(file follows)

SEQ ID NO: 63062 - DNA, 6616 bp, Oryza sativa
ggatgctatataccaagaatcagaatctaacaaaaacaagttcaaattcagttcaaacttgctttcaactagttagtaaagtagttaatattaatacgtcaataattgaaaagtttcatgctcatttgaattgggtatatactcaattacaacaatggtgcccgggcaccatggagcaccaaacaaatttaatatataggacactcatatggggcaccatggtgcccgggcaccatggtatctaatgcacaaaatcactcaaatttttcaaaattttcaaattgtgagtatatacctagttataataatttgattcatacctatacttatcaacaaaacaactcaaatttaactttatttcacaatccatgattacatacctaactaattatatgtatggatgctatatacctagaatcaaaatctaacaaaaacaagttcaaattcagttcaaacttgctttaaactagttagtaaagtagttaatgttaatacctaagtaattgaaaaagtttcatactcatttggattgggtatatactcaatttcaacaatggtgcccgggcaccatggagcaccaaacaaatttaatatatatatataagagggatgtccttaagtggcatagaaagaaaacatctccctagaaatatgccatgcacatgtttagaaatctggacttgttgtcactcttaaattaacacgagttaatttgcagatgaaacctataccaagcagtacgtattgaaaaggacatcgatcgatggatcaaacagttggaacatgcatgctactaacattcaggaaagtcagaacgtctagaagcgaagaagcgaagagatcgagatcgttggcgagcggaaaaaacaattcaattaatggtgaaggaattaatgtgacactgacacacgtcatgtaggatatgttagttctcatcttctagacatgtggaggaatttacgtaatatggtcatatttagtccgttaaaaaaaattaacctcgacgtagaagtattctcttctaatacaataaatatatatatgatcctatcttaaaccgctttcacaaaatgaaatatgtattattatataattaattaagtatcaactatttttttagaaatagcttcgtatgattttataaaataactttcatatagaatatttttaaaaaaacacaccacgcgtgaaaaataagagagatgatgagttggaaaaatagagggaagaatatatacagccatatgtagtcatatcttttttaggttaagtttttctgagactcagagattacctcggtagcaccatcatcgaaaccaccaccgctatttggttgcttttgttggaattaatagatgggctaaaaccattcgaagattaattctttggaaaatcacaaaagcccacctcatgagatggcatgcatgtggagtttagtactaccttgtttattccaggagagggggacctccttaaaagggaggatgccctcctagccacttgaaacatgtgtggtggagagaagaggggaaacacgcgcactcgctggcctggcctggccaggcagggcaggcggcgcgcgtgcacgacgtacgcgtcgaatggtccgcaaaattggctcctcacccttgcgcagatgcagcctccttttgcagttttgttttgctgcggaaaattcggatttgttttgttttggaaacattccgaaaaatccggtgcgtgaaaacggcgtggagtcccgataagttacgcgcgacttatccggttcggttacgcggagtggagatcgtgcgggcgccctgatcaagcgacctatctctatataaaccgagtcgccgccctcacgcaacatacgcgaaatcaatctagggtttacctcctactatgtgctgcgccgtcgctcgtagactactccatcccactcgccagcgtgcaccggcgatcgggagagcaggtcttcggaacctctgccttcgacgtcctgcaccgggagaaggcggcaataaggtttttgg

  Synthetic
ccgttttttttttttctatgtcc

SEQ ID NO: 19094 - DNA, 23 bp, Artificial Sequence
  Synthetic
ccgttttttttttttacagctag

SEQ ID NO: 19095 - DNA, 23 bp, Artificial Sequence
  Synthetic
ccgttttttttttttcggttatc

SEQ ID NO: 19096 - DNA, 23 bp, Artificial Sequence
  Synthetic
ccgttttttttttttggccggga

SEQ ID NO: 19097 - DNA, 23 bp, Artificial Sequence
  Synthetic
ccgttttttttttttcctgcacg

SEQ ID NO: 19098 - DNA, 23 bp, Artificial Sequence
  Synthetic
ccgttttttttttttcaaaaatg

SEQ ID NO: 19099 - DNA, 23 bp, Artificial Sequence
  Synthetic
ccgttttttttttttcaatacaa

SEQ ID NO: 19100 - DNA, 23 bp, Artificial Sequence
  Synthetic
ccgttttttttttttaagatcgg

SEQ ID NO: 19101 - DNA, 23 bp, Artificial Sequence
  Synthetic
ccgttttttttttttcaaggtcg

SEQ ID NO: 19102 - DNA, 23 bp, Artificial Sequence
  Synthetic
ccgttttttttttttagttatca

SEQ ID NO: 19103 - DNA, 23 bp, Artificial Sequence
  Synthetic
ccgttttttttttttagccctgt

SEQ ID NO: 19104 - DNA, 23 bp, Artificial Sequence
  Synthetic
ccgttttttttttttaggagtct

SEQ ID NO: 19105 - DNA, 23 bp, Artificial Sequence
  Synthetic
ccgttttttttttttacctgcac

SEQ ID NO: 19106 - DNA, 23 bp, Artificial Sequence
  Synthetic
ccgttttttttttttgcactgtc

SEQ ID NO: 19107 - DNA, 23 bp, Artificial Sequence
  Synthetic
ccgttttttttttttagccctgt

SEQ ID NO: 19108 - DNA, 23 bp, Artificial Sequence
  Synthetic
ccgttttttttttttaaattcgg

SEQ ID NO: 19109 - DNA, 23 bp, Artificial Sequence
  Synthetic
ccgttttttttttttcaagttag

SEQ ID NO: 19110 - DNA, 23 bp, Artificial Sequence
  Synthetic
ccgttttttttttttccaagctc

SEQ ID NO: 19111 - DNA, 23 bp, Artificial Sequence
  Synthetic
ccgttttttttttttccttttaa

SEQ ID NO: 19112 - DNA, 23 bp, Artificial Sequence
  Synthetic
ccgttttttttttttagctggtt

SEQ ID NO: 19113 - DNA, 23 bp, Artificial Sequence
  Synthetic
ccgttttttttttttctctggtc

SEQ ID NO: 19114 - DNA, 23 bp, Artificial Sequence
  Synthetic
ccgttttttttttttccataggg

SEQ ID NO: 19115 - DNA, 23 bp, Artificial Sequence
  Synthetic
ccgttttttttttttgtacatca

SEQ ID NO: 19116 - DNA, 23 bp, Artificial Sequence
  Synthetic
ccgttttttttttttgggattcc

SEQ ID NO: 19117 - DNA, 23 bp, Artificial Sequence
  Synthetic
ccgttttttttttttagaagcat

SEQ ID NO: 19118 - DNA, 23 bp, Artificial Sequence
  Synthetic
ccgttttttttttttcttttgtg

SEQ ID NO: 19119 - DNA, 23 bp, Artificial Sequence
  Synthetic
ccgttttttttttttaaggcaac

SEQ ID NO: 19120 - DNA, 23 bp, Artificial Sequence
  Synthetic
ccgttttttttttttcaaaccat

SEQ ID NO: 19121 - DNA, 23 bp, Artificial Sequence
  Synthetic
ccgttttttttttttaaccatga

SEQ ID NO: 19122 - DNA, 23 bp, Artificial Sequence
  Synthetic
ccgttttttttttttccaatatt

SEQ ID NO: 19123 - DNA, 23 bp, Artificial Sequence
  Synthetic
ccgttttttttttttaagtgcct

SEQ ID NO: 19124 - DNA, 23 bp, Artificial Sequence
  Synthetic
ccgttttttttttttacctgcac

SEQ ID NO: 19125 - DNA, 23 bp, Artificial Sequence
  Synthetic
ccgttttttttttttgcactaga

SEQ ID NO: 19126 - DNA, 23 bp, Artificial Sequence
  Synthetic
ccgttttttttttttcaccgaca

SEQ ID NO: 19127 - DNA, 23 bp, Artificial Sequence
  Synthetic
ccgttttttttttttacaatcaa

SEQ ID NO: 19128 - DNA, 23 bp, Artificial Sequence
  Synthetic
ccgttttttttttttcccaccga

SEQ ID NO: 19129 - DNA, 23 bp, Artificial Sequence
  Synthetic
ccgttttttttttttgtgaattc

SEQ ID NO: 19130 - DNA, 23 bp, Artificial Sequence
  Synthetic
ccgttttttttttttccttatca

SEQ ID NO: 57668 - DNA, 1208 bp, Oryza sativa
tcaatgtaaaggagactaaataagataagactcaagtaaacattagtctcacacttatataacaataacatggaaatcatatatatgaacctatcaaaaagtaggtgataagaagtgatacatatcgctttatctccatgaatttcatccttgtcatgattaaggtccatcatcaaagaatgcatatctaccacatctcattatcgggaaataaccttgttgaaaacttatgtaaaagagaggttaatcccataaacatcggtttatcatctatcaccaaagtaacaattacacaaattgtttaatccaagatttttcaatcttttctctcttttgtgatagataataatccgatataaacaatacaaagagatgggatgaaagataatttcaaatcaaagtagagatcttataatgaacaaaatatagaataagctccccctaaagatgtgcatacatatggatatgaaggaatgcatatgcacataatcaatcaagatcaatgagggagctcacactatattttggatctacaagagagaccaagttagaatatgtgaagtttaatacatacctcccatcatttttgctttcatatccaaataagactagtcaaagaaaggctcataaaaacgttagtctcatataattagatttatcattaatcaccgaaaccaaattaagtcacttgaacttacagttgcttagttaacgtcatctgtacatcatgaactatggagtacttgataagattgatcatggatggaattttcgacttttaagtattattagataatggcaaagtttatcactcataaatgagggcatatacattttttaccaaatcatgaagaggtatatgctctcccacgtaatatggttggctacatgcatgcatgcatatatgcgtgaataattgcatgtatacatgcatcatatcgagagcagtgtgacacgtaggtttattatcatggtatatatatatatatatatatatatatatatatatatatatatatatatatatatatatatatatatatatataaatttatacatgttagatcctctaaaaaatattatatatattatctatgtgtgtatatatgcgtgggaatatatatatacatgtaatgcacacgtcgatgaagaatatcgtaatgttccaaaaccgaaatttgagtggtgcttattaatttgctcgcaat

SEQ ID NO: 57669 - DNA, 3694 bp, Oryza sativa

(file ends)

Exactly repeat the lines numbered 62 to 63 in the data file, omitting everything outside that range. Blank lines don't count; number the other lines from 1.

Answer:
SEQ ID NO: 19113 - DNA, 23 bp, Artificial Sequence
  Synthetic